The Dutch telecommunications regulator OPTA has fined the two companies behind the DollarRevenue adware program €1 million ($1.45 million).
The company ran a professional adware and spyware operation, OPTA said. No criminal charges have been filed.
The two companies behind DollarRevenue infected more than 22 million computers. Only 1 percent to 2 percent of the victims resided in The Netherlands. Executives of the firms were fined up to €300,000 each, and their companies also received fines of €200,000 to €300,000. OPTA declined to disclose the names of the firms and their executives for legal reasons.
The DollarRevenue purveyors made more than €1 million from a botnet operation, according to documents seized by authorities. Even though revenue exceeded the fines, the regulator claimed that the fines were appropriate.
"Part of those funds have been spent on day-to-day operations," argued Daan Molenaar, lead investigator for OPTA, at a press conference on Tuesday. "Besides, individual fines of several hundred thousand euros are unusually high and not very common."
OPTA claims that the fine marks the largest penalty ever issued in Europe for illegal adware and spyware operations. The DollarRevenue distributors have appealed the ruling.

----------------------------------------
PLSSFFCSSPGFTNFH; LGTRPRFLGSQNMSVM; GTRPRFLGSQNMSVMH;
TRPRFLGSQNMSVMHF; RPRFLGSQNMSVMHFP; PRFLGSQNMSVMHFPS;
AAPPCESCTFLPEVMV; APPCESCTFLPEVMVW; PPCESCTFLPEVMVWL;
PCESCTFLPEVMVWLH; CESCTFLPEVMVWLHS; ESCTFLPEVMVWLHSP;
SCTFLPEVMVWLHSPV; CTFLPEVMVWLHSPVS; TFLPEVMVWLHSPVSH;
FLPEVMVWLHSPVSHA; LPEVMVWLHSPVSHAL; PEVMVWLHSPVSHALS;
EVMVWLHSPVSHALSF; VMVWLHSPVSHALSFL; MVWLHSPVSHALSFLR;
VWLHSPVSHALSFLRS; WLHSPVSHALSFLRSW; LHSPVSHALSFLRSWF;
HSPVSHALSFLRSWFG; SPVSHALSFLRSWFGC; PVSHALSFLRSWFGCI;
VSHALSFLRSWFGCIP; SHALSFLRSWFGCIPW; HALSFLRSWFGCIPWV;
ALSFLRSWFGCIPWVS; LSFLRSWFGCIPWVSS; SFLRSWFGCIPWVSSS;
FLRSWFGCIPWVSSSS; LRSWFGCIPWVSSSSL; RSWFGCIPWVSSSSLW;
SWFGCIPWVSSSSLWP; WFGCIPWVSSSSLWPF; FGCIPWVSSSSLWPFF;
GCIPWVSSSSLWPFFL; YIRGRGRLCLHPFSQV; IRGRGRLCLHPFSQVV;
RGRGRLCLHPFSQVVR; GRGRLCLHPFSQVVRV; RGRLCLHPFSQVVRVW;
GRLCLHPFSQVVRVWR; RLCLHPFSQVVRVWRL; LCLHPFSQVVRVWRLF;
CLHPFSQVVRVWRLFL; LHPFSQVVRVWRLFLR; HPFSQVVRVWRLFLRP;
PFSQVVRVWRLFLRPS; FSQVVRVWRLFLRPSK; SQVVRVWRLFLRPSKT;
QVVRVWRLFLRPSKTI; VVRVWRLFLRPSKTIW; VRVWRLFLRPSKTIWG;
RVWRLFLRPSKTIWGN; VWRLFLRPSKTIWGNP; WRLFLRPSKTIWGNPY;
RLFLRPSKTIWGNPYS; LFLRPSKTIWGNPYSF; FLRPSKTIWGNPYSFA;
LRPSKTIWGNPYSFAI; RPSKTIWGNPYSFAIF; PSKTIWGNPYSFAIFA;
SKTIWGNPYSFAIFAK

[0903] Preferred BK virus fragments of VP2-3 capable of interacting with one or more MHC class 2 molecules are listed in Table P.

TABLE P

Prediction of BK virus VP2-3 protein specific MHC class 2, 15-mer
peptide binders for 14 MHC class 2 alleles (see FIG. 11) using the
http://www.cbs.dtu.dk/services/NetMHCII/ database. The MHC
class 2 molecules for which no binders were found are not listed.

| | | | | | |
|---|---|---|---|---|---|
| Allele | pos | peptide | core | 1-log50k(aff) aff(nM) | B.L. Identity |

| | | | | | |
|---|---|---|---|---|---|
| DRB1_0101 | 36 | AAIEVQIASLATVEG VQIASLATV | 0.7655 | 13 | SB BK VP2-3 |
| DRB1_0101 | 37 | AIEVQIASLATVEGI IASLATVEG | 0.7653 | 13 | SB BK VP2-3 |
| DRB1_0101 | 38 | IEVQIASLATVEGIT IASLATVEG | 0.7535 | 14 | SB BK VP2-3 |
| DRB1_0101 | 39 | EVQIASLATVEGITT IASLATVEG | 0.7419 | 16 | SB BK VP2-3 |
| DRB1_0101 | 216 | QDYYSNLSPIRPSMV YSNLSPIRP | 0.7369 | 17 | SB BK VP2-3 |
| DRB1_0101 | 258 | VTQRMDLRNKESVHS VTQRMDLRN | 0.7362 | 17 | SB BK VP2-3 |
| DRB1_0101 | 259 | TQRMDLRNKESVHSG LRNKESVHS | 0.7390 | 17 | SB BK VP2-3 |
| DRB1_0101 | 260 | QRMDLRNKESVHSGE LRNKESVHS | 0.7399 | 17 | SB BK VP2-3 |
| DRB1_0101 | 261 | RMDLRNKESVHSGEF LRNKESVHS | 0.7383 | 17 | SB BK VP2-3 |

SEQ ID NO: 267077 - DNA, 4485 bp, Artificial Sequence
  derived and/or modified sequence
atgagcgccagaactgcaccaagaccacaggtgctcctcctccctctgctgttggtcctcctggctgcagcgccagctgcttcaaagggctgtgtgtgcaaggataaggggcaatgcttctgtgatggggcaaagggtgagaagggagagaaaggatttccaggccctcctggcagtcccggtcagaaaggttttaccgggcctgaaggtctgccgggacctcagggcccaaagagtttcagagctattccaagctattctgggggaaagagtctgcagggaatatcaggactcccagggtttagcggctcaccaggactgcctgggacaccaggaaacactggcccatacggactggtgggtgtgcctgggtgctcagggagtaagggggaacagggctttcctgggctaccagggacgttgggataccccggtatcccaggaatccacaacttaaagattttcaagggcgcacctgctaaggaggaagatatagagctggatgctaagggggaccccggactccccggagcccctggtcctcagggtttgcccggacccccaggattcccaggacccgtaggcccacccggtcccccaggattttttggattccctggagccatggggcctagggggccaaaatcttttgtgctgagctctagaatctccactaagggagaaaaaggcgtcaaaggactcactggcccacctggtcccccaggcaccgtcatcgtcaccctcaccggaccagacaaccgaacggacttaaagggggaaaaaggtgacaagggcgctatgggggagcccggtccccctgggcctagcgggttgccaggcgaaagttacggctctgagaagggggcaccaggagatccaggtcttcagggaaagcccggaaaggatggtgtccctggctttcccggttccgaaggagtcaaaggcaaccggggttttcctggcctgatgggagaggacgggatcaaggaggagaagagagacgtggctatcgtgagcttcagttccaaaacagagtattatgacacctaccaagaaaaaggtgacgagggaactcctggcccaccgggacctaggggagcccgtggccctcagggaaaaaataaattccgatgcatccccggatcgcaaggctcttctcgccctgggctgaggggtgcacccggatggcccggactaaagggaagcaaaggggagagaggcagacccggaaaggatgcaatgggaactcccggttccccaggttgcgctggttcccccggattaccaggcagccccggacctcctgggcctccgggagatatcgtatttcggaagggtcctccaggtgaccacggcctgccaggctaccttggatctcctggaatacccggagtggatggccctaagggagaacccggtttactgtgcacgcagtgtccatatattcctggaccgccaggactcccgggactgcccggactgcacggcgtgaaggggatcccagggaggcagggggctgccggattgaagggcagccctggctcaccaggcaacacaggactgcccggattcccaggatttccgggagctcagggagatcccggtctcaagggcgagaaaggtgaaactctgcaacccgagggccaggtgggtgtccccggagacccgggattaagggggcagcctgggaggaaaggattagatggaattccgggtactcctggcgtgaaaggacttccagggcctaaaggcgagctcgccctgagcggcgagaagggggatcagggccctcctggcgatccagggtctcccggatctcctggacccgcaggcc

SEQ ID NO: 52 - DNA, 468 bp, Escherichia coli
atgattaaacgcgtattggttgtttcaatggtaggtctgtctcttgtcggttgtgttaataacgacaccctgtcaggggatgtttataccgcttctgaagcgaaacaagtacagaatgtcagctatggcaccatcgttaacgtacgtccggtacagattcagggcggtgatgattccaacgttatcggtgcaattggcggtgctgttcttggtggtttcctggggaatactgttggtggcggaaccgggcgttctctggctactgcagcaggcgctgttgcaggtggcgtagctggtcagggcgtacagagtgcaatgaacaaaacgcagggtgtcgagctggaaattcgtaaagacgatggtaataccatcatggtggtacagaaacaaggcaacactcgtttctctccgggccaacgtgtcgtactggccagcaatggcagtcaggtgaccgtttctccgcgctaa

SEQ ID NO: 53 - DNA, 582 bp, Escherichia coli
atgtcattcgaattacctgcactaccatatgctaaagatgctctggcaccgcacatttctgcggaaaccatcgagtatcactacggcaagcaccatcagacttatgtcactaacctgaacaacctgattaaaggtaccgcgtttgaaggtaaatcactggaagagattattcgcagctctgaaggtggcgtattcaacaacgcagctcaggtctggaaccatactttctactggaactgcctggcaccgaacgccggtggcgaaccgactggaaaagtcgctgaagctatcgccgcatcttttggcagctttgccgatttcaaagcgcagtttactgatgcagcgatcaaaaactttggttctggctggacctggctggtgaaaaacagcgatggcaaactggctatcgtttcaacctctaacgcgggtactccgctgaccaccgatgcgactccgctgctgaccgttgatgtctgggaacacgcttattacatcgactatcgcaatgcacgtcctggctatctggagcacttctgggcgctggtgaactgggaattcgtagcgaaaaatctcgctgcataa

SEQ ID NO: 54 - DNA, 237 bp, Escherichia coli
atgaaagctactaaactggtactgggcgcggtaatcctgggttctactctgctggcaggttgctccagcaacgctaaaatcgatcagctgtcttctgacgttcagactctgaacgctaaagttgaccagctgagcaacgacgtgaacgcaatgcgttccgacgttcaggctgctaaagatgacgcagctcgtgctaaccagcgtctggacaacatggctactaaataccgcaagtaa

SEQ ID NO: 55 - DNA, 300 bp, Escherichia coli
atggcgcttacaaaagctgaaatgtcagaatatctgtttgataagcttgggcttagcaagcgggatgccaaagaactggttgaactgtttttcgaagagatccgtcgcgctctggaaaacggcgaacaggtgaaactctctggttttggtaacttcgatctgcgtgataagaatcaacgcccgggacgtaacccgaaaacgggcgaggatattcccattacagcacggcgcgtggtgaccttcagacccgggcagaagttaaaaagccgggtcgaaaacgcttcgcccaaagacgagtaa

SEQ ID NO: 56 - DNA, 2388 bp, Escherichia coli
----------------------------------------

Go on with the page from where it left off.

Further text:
The DollarRevenue distributors operated between October 2005 and November 2006. In the summer of 2006, OPTA ordered the companies to cease updating the software or face a fine. DollarRevenue ranked among the top 10 spyware applications worldwide. Users routinely complained about the application on discussion boards and in user forums because the software flooded their PCs with advertisements, effectively rendering them useless.
The malware makers pushed their wares by paying botnet herders, Web sites and other distributors a fee per installation. European installations were valued at €0.15 each, U.S. computers were valued at $0.25 and computers in third-world nations yielded only a few cents. The payouts reflect the size of e-commerce spending in each region, and therefore the effectiveness of online marketing campaigns, said Molenaar.
DollarRevenue sold advertising space to a plethora of firms, ranging from online pornography and gambling sites to companies like Jamba and HP. OPTA cautioned that those advertisers likely didn't know that they supported the service. "Legitimate firms typically end up on bad services through intermediaries," said Molenaar.
Molenaar typified the operators as "super-professionals of the highest class." The software would routinely change to prevent detection and removal by security software. A team of two government investigators spent one year to track down the companies and gather evidence.
The records also pointed to several Russian bot herders, but they have yet to be apprehended. "We don't have any cooperation deals with Russia," said Molenaar. "We are trying our best, but Russia has different rules and different legal priorities."